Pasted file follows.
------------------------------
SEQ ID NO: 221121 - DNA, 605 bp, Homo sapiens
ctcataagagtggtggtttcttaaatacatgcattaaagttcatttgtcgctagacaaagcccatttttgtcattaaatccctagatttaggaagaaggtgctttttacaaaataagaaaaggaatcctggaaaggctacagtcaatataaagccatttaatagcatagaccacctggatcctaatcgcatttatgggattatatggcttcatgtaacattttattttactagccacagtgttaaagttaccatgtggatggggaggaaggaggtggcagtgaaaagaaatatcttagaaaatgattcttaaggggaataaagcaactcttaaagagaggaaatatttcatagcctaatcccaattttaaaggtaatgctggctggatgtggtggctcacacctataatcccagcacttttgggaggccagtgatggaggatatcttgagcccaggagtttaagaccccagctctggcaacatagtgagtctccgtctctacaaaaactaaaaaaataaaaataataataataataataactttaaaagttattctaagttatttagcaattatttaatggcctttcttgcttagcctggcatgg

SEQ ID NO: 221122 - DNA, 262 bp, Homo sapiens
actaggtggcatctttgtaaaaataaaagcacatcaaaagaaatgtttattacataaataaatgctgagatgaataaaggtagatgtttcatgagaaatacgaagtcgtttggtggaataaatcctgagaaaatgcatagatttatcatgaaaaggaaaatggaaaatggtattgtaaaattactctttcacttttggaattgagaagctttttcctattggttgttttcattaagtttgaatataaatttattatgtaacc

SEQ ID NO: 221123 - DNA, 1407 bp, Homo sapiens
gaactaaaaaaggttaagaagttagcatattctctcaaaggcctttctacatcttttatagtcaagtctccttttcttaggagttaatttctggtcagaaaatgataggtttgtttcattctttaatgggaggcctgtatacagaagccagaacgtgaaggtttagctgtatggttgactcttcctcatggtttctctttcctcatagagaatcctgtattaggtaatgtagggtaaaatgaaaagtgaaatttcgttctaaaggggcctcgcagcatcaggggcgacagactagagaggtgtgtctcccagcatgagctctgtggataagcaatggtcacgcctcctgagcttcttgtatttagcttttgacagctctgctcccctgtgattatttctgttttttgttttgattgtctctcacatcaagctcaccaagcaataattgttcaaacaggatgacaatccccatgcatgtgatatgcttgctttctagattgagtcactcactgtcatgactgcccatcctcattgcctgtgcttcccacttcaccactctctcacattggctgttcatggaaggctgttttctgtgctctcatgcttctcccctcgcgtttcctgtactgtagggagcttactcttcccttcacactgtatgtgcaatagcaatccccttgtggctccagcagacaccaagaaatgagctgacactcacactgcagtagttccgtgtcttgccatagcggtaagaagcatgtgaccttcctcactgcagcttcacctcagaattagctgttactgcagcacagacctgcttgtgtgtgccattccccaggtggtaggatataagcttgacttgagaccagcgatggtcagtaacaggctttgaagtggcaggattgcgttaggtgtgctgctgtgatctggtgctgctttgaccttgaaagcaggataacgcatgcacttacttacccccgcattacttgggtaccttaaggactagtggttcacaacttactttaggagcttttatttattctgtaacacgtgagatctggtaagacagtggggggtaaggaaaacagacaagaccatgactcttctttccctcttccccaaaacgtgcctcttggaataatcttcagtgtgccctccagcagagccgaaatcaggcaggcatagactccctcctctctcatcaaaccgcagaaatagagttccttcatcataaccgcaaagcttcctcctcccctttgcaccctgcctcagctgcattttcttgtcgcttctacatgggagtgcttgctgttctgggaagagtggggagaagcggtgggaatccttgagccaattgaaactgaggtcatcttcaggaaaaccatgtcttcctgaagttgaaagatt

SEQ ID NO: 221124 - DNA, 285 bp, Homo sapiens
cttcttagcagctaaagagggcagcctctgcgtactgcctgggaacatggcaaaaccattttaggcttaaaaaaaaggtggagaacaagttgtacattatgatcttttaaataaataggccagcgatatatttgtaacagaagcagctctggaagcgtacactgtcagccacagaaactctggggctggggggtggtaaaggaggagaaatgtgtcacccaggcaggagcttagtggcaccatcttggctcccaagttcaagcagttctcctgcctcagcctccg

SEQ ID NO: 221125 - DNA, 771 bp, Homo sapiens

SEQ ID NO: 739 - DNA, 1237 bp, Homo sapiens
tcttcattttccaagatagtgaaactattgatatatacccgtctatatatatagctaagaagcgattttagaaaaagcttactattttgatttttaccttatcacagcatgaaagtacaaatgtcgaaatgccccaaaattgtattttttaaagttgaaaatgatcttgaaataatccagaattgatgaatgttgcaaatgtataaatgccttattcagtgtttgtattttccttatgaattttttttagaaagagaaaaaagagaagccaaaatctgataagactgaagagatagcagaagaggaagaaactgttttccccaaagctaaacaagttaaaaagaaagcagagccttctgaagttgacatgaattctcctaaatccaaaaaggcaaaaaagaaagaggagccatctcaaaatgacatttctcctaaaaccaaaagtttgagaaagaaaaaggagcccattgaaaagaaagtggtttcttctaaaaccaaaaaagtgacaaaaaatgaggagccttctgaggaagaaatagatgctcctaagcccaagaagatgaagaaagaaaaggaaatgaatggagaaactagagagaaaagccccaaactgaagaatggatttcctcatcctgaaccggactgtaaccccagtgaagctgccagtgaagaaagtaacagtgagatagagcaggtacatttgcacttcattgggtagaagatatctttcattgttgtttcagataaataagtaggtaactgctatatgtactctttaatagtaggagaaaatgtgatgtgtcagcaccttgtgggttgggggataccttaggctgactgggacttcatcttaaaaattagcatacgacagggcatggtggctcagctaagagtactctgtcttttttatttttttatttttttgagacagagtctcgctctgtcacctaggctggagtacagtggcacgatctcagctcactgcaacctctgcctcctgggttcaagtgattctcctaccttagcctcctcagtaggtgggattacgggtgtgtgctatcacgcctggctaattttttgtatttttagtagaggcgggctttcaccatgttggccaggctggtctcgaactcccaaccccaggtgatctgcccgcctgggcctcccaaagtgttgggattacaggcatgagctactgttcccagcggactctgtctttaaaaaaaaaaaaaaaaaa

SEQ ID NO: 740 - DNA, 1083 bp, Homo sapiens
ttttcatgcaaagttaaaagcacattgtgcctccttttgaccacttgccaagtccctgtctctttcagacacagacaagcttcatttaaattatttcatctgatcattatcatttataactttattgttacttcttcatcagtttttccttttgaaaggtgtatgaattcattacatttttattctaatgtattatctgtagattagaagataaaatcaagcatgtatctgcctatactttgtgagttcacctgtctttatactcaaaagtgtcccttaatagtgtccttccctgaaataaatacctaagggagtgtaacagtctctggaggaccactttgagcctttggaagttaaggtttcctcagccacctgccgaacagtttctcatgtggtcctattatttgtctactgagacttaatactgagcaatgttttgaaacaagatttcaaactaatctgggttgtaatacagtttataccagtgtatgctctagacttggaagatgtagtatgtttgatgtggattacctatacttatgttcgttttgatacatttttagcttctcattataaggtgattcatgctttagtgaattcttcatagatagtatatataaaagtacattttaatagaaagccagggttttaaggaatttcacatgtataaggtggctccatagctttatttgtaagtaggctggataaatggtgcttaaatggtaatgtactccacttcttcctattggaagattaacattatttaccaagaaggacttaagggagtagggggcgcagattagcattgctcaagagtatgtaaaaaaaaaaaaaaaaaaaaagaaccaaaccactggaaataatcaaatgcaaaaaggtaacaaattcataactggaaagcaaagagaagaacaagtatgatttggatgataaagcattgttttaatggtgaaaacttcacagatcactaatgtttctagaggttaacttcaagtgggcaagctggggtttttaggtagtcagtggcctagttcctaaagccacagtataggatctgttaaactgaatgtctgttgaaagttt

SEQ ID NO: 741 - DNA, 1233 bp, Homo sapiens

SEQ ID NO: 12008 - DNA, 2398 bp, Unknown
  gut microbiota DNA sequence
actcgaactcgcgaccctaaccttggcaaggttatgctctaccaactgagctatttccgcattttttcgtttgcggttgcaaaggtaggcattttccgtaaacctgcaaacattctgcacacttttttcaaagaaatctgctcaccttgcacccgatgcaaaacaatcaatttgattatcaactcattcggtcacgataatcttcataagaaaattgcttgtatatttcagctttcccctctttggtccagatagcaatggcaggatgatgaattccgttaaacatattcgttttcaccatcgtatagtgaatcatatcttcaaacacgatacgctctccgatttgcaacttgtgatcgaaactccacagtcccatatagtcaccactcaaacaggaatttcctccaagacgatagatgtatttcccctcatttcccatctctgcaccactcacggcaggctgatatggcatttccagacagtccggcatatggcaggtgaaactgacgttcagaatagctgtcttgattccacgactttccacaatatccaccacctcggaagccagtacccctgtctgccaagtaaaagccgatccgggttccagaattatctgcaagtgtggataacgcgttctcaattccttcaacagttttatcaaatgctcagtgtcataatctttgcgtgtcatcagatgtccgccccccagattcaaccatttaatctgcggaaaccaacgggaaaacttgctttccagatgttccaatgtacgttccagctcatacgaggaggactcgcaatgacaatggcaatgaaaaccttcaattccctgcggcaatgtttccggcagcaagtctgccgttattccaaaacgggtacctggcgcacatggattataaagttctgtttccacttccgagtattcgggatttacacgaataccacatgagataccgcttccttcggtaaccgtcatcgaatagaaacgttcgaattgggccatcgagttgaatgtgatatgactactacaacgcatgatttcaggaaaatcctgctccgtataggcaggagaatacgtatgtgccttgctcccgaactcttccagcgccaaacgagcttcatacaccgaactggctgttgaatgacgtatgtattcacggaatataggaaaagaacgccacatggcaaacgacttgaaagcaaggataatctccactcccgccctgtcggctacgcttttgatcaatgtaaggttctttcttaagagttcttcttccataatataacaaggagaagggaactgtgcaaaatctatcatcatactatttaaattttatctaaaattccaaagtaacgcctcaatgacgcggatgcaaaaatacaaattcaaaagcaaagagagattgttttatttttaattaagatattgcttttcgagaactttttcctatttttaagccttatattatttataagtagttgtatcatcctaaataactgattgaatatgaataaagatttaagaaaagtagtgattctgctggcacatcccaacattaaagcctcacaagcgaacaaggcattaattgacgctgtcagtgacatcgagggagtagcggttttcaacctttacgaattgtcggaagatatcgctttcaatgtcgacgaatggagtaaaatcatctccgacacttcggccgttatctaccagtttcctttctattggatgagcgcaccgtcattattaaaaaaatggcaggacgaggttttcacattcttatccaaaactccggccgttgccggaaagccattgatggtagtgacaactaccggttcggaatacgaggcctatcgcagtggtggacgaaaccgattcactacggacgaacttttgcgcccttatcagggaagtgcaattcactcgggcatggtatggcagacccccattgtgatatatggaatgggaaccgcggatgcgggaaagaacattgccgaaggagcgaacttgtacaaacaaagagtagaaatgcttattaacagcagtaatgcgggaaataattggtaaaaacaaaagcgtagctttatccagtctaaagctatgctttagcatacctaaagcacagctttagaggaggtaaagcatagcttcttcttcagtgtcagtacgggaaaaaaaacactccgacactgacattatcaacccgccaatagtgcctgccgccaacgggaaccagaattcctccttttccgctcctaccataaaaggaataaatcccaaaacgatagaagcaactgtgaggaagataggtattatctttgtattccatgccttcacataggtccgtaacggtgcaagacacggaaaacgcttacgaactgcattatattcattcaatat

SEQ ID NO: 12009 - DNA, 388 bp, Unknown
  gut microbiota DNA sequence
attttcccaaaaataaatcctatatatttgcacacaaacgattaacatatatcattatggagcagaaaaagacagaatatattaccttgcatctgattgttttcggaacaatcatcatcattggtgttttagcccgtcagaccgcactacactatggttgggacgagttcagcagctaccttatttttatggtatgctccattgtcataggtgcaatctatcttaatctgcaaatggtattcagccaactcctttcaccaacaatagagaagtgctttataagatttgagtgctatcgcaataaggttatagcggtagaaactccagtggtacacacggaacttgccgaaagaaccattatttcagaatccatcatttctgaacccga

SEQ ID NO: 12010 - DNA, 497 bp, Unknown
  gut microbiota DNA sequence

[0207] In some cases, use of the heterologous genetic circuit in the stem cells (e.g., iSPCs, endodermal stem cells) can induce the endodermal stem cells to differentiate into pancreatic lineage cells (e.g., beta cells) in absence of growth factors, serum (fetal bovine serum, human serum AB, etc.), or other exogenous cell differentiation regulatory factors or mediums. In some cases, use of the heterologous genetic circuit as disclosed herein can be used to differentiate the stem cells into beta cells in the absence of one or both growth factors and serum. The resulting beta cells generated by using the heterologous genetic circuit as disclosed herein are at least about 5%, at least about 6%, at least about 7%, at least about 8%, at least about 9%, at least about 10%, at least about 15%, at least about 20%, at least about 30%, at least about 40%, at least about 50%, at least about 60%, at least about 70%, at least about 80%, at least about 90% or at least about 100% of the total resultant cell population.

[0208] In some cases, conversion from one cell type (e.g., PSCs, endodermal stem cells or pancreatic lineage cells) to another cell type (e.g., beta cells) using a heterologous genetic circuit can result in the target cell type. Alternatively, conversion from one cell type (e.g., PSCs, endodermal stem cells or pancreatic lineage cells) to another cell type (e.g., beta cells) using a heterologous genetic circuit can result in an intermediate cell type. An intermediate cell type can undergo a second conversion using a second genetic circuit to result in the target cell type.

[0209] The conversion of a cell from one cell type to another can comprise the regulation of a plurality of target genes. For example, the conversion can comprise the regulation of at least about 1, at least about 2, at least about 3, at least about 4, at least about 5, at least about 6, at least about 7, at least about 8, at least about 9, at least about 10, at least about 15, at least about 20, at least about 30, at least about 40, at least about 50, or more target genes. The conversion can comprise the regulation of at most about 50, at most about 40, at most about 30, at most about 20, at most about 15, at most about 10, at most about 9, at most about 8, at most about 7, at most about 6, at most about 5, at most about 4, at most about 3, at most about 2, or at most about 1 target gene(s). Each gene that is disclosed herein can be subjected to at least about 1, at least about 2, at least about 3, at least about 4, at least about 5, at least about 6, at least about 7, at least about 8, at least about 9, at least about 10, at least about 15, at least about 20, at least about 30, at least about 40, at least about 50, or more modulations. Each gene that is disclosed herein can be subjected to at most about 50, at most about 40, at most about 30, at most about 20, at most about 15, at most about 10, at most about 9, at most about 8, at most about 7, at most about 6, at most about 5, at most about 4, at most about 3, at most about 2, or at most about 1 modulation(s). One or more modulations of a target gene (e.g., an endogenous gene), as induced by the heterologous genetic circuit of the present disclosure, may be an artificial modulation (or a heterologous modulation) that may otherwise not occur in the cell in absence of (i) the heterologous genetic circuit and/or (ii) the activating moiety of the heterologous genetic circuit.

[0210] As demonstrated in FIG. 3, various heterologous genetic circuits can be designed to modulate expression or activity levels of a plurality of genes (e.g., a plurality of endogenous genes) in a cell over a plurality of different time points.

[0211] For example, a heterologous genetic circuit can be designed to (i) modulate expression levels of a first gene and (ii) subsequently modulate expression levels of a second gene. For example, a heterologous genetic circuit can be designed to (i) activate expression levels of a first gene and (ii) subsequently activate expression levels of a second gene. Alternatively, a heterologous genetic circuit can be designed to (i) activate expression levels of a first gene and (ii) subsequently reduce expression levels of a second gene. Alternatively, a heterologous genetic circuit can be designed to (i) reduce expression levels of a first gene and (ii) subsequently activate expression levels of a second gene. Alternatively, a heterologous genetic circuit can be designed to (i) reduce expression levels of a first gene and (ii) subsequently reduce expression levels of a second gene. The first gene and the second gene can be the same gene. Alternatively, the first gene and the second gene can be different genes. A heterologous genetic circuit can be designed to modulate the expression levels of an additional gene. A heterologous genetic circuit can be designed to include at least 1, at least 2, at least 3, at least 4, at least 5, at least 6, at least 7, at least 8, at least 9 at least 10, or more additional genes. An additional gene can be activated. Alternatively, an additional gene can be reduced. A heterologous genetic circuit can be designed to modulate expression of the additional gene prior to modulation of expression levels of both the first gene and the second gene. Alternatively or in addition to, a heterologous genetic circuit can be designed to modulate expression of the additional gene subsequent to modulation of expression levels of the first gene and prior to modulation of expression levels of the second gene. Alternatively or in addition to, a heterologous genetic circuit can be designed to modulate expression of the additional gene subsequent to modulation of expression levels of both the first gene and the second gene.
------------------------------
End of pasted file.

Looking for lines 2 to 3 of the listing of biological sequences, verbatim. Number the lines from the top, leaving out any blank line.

ctcataagagtggtggtttcttaaatacatgcattaaagttcatttgtcgctagacaaagcccatttttgtcattaaatccctagatttaggaagaaggtgctttttacaaaataagaaaaggaatcctggaaaggctacagtcaatataaagccatttaatagcatagaccacctggatcctaatcgcatttatgggattatatggcttcatgtaacattttattttactagccacagtgttaaagttaccatgtggatggggaggaaggaggtggcagtgaaaagaaatatcttagaaaatgattcttaaggggaataaagcaactcttaaagagaggaaatatttcatagcctaatcccaattttaaaggtaatgctggctggatgtggtggctcacacctataatcccagcacttttgggaggccagtgatggaggatatcttgagcccaggagtttaagaccccagctctggcaacatagtgagtctccgtctctacaaaaactaaaaaaataaaaataataataataataataactttaaaagttattctaagttatttagcaattatttaatggcctttcttgcttagcctggcatgg

SEQ ID NO: 221122 - DNA, 262 bp, Homo sapiens